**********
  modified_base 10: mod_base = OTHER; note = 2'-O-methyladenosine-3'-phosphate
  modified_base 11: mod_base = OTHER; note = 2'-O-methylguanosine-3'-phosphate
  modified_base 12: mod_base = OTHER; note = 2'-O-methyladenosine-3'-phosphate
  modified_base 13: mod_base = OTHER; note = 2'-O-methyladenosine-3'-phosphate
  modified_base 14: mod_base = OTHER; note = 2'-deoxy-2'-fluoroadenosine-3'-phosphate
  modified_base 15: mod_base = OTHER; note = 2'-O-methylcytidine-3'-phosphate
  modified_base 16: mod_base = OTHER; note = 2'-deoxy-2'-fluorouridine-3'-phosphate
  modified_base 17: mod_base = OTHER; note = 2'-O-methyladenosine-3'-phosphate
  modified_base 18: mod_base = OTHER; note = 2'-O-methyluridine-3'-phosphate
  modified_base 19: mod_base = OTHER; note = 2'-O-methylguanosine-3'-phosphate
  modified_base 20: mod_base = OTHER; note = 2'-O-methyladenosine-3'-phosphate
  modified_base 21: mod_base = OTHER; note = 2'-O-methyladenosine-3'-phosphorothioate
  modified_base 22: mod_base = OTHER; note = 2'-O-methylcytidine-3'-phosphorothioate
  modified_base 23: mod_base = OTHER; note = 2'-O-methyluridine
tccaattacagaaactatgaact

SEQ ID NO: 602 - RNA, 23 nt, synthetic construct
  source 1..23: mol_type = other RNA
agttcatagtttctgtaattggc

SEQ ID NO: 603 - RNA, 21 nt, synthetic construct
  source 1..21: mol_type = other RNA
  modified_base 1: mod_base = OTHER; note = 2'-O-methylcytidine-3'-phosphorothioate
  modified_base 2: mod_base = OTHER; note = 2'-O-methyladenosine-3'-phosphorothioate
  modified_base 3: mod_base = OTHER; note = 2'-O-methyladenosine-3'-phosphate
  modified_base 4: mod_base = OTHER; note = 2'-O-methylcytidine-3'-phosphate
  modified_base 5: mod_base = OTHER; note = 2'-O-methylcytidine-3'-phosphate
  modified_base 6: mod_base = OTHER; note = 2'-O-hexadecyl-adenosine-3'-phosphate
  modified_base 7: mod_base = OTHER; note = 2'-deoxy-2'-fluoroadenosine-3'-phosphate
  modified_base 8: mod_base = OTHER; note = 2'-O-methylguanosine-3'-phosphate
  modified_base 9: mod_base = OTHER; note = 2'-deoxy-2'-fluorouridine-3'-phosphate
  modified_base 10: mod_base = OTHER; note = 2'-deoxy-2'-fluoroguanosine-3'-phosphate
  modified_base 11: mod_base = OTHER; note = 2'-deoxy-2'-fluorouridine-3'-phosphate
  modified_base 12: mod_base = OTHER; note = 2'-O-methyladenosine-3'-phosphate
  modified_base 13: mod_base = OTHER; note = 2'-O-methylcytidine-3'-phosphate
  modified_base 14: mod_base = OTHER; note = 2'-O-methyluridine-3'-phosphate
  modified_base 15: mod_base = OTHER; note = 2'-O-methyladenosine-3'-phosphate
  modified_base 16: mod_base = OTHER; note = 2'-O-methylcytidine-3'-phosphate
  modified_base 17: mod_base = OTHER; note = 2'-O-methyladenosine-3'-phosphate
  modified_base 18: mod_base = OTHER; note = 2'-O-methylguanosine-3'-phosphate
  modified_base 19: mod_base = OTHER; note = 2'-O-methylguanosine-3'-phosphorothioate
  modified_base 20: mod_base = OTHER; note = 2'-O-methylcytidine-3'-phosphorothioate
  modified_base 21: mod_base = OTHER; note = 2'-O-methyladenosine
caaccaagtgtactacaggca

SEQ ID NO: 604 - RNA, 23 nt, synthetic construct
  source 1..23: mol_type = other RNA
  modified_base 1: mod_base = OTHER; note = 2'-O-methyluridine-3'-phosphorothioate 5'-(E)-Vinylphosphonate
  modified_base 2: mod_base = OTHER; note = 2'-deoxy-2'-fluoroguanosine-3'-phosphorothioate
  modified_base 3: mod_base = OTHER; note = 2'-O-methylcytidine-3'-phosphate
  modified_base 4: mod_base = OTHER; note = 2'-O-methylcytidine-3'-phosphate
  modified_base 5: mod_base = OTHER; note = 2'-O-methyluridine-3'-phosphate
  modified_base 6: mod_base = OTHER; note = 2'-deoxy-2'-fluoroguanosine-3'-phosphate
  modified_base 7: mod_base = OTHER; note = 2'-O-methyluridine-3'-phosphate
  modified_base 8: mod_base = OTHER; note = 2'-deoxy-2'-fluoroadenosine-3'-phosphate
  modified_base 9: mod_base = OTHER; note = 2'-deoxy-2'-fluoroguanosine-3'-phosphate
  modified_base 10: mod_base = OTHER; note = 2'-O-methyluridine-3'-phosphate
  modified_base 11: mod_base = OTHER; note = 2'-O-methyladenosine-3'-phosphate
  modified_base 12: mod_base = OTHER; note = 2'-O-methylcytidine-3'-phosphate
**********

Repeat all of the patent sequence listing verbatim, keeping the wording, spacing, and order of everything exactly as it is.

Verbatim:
  modified_base 10: mod_base = OTHER; note = 2'-O-methyladenosine-3'-phosphate
  modified_base 11: mod_base = OTHER; note = 2'-O-methylguanosine-3'-phosphate
  modified_base 12: mod_base = OTHER; note = 2'-O-methyladenosine-3'-phosphate
  modified_base 13: mod_base = OTHER; note = 2'-O-methyladenosine-3'-phosphate
  modified_base 14: mod_base = OTHER; note = 2'-deoxy-2'-fluoroadenosine-3'-phosphate
  modified_base 15: mod_base = OTHER; note = 2'-O-methylcytidine-3'-phosphate
  modified_base 16: mod_base = OTHER; note = 2'-deoxy-2'-fluorouridine-3'-phosphate
  modified_base 17: mod_base = OTHER; note = 2'-O-methyladenosine-3'-phosphate
  modified_base 18: mod_base = OTHER; note = 2'-O-methyluridine-3'-phosphate
  modified_base 19: mod_base = OTHER; note = 2'-O-methylguanosine-3'-phosphate
  modified_base 20: mod_base = OTHER; note = 2'-O-methyladenosine-3'-phosphate
  modified_base 21: mod_base = OTHER; note = 2'-O-methyladenosine-3'-phosphorothioate
  modified_base 22: mod_base = OTHER; note = 2'-O-methylcytidine-3'-phosphorothioate
  modified_base 23: mod_base = OTHER; note = 2'-O-methyluridine
tccaattacagaaactatgaact

SEQ ID NO: 602 - RNA, 23 nt, synthetic construct
  source 1..23: mol_type = other RNA
agttcatagtttctgtaattggc

SEQ ID NO: 603 - RNA, 21 nt, synthetic construct
  source 1..21: mol_type = other RNA
  modified_base 1: mod_base = OTHER; note = 2'-O-methylcytidine-3'-phosphorothioate
  modified_base 2: mod_base = OTHER; note = 2'-O-methyladenosine-3'-phosphorothioate
  modified_base 3: mod_base = OTHER; note = 2'-O-methyladenosine-3'-phosphate
  modified_base 4: mod_base = OTHER; note = 2'-O-methylcytidine-3'-phosphate
  modified_base 5: mod_base = OTHER; note = 2'-O-methylcytidine-3'-phosphate
  modified_base 6: mod_base = OTHER; note = 2'-O-hexadecyl-adenosine-3'-phosphate
  modified_base 7: mod_base = OTHER; note = 2'-deoxy-2'-fluoroadenosine-3'-phosphate
  modified_base 8: mod_base = OTHER; note = 2'-O-methylguanosine-3'-phosphate
  modified_base 9: mod_base = OTHER; note = 2'-deoxy-2'-fluorouridine-3'-phosphate
  modified_base 10: mod_base = OTHER; note = 2'-deoxy-2'-fluoroguanosine-3'-phosphate
  modified_base 11: mod_base = OTHER; note = 2'-deoxy-2'-fluorouridine-3'-phosphate
  modified_base 12: mod_base = OTHER; note = 2'-O-methyladenosine-3'-phosphate
  modified_base 13: mod_base = OTHER; note = 2'-O-methylcytidine-3'-phosphate
  modified_base 14: mod_base = OTHER; note = 2'-O-methyluridine-3'-phosphate
  modified_base 15: mod_base = OTHER; note = 2'-O-methyladenosine-3'-phosphate
  modified_base 16: mod_base = OTHER; note = 2'-O-methylcytidine-3'-phosphate
  modified_base 17: mod_base = OTHER; note = 2'-O-methyladenosine-3'-phosphate
  modified_base 18: mod_base = OTHER; note = 2'-O-methylguanosine-3'-phosphate
  modified_base 19: mod_base = OTHER; note = 2'-O-methylguanosine-3'-phosphorothioate
  modified_base 20: mod_base = OTHER; note = 2'-O-methylcytidine-3'-phosphorothioate
  modified_base 21: mod_base = OTHER; note = 2'-O-methyladenosine
caaccaagtgtactacaggca

SEQ ID NO: 604 - RNA, 23 nt, synthetic construct
  source 1..23: mol_type = other RNA
  modified_base 1: mod_base = OTHER; note = 2'-O-methyluridine-3'-phosphorothioate 5'-(E)-Vinylphosphonate
  modified_base 2: mod_base = OTHER; note = 2'-deoxy-2'-fluoroguanosine-3'-phosphorothioate
  modified_base 3: mod_base = OTHER; note = 2'-O-methylcytidine-3'-phosphate
  modified_base 4: mod_base = OTHER; note = 2'-O-methylcytidine-3'-phosphate
  modified_base 5: mod_base = OTHER; note = 2'-O-methyluridine-3'-phosphate
  modified_base 6: mod_base = OTHER; note = 2'-deoxy-2'-fluoroguanosine-3'-phosphate
  modified_base 7: mod_base = OTHER; note = 2'-O-methyluridine-3'-phosphate
  modified_base 8: mod_base = OTHER; note = 2'-deoxy-2'-fluoroadenosine-3'-phosphate
  modified_base 9: mod_base = OTHER; note = 2'-deoxy-2'-fluoroguanosine-3'-phosphate
  modified_base 10: mod_base = OTHER; note = 2'-O-methyluridine-3'-phosphate
  modified_base 11: mod_base = OTHER; note = 2'-O-methyladenosine-3'-phosphate
  modified_base 12: mod_base = OTHER; note = 2'-O-methylcytidine-3'-phosphate